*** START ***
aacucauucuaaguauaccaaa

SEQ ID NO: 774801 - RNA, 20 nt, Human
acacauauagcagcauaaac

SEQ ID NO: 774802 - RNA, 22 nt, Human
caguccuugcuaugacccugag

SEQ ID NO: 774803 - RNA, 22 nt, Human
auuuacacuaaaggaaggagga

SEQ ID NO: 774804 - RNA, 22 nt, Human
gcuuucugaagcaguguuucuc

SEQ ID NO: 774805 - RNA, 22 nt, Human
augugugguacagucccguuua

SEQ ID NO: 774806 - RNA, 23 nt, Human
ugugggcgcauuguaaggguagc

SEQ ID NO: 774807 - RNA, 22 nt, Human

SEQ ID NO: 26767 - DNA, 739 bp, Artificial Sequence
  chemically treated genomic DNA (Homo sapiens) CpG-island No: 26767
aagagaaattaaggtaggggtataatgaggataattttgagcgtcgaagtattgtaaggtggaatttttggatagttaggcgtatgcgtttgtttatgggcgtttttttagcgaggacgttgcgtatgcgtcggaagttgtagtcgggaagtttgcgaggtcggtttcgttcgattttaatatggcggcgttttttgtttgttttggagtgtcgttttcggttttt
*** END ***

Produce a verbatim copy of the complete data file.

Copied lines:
aacucauucuaaguauaccaaa

SEQ ID NO: 774801 - RNA, 20 nt, Human
acacauauagcagcauaaac

SEQ ID NO: 774802 - RNA, 22 nt, Human
caguccuugcuaugacccugag

SEQ ID NO: 774803 - RNA, 22 nt, Human
auuuacacuaaaggaaggagga

SEQ ID NO: 774804 - RNA, 22 nt, Human
gcuuucugaagcaguguuucuc

SEQ ID NO: 774805 - RNA, 22 nt, Human
augugugguacagucccguuua

SEQ ID NO: 774806 - RNA, 23 nt, Human
ugugggcgcauuguaaggguagc

SEQ ID NO: 774807 - RNA, 22 nt, Human

SEQ ID NO: 26767 - DNA, 739 bp, Artificial Sequence
  chemically treated genomic DNA (Homo sapiens) CpG-island No: 26767
aagagaaattaaggtaggggtataatgaggataattttgagcgtcgaagtattgtaaggtggaatttttggatagttaggcgtatgcgtttgtttatgggcgtttttttagcgaggacgttgcgtatgcgtcggaagttgtagtcgggaagtttgcgaggtcggtttcgttcgattttaatatggcggcgttttttgtttgttttggagtgtcgttttcggttttt